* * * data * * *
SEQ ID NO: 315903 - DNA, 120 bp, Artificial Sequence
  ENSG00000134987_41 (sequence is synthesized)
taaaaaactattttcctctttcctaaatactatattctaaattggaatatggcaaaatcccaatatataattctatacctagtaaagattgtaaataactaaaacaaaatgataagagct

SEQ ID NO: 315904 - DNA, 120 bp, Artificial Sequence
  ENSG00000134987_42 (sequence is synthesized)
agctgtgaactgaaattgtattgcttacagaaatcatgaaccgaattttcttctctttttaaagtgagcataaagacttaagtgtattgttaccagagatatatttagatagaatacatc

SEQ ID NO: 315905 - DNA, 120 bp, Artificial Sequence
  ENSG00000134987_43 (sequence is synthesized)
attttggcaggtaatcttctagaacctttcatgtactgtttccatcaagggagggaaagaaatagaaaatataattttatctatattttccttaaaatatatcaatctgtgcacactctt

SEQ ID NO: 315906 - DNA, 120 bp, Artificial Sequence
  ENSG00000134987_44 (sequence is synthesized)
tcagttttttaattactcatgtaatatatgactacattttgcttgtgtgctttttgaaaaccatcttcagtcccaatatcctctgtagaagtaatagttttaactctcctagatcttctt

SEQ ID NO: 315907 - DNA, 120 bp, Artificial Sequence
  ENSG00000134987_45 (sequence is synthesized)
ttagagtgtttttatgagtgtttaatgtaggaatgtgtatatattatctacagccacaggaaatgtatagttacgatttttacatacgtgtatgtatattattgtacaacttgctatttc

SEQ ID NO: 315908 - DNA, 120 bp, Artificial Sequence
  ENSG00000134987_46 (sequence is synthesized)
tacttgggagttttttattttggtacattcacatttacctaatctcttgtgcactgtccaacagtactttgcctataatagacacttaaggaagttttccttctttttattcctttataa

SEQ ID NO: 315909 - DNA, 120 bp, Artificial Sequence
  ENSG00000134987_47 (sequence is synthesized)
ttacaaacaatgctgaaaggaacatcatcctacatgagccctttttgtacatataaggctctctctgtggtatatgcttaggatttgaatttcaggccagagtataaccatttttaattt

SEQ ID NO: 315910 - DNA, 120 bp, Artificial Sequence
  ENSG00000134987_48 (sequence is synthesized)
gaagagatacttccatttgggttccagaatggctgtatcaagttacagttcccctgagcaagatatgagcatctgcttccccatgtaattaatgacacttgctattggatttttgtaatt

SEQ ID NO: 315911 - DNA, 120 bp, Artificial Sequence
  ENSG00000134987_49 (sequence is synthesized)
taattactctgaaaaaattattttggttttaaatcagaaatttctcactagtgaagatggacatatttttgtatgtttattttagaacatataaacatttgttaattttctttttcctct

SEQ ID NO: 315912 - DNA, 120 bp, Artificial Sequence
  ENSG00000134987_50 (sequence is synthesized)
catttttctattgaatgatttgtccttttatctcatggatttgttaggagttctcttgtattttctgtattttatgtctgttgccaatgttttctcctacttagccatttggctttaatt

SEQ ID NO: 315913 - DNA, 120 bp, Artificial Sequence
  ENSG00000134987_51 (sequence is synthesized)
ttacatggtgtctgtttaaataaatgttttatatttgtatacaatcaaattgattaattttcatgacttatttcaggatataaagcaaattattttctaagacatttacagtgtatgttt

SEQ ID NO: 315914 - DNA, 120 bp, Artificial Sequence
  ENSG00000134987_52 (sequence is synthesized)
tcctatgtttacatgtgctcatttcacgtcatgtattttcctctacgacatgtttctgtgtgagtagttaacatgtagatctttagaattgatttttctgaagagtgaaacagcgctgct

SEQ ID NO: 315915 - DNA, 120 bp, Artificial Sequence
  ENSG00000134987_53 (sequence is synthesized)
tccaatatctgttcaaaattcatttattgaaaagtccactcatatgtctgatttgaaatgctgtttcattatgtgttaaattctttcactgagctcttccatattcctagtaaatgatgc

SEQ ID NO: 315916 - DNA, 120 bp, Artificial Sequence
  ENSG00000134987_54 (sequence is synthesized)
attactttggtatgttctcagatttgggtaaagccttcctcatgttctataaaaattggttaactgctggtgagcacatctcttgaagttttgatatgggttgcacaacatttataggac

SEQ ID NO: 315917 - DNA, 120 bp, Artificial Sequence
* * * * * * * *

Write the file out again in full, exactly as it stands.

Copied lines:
SEQ ID NO: 315903 - DNA, 120 bp, Artificial Sequence
  ENSG00000134987_41 (sequence is synthesized)
taaaaaactattttcctctttcctaaatactatattctaaattggaatatggcaaaatcccaatatataattctatacctagtaaagattgtaaataactaaaacaaaatgataagagct

SEQ ID NO: 315904 - DNA, 120 bp, Artificial Sequence
  ENSG00000134987_42 (sequence is synthesized)
agctgtgaactgaaattgtattgcttacagaaatcatgaaccgaattttcttctctttttaaagtgagcataaagacttaagtgtattgttaccagagatatatttagatagaatacatc

SEQ ID NO: 315905 - DNA, 120 bp, Artificial Sequence
  ENSG00000134987_43 (sequence is synthesized)
attttggcaggtaatcttctagaacctttcatgtactgtttccatcaagggagggaaagaaatagaaaatataattttatctatattttccttaaaatatatcaatctgtgcacactctt

SEQ ID NO: 315906 - DNA, 120 bp, Artificial Sequence
  ENSG00000134987_44 (sequence is synthesized)
tcagttttttaattactcatgtaatatatgactacattttgcttgtgtgctttttgaaaaccatcttcagtcccaatatcctctgtagaagtaatagttttaactctcctagatcttctt

SEQ ID NO: 315907 - DNA, 120 bp, Artificial Sequence
  ENSG00000134987_45 (sequence is synthesized)
ttagagtgtttttatgagtgtttaatgtaggaatgtgtatatattatctacagccacaggaaatgtatagttacgatttttacatacgtgtatgtatattattgtacaacttgctatttc

SEQ ID NO: 315908 - DNA, 120 bp, Artificial Sequence
  ENSG00000134987_46 (sequence is synthesized)
tacttgggagttttttattttggtacattcacatttacctaatctcttgtgcactgtccaacagtactttgcctataatagacacttaaggaagttttccttctttttattcctttataa

SEQ ID NO: 315909 - DNA, 120 bp, Artificial Sequence
  ENSG00000134987_47 (sequence is synthesized)
ttacaaacaatgctgaaaggaacatcatcctacatgagccctttttgtacatataaggctctctctgtggtatatgcttaggatttgaatttcaggccagagtataaccatttttaattt

SEQ ID NO: 315910 - DNA, 120 bp, Artificial Sequence
  ENSG00000134987_48 (sequence is synthesized)
gaagagatacttccatttgggttccagaatggctgtatcaagttacagttcccctgagcaagatatgagcatctgcttccccatgtaattaatgacacttgctattggatttttgtaatt

SEQ ID NO: 315911 - DNA, 120 bp, Artificial Sequence
  ENSG00000134987_49 (sequence is synthesized)
taattactctgaaaaaattattttggttttaaatcagaaatttctcactagtgaagatggacatatttttgtatgtttattttagaacatataaacatttgttaattttctttttcctct

SEQ ID NO: 315912 - DNA, 120 bp, Artificial Sequence
  ENSG00000134987_50 (sequence is synthesized)
catttttctattgaatgatttgtccttttatctcatggatttgttaggagttctcttgtattttctgtattttatgtctgttgccaatgttttctcctacttagccatttggctttaatt

SEQ ID NO: 315913 - DNA, 120 bp, Artificial Sequence
  ENSG00000134987_51 (sequence is synthesized)
ttacatggtgtctgtttaaataaatgttttatatttgtatacaatcaaattgattaattttcatgacttatttcaggatataaagcaaattattttctaagacatttacagtgtatgttt

SEQ ID NO: 315914 - DNA, 120 bp, Artificial Sequence
  ENSG00000134987_52 (sequence is synthesized)
tcctatgtttacatgtgctcatttcacgtcatgtattttcctctacgacatgtttctgtgtgagtagttaacatgtagatctttagaattgatttttctgaagagtgaaacagcgctgct

SEQ ID NO: 315915 - DNA, 120 bp, Artificial Sequence
  ENSG00000134987_53 (sequence is synthesized)
tccaatatctgttcaaaattcatttattgaaaagtccactcatatgtctgatttgaaatgctgtttcattatgtgttaaattctttcactgagctcttccatattcctagtaaatgatgc

SEQ ID NO: 315916 - DNA, 120 bp, Artificial Sequence
  ENSG00000134987_54 (sequence is synthesized)
attactttggtatgttctcagatttgggtaaagccttcctcatgttctataaaaattggttaactgctggtgagcacatctcttgaagttttgatatgggttgcacaacatttataggac

SEQ ID NO: 315917 - DNA, 120 bp, Artificial Sequence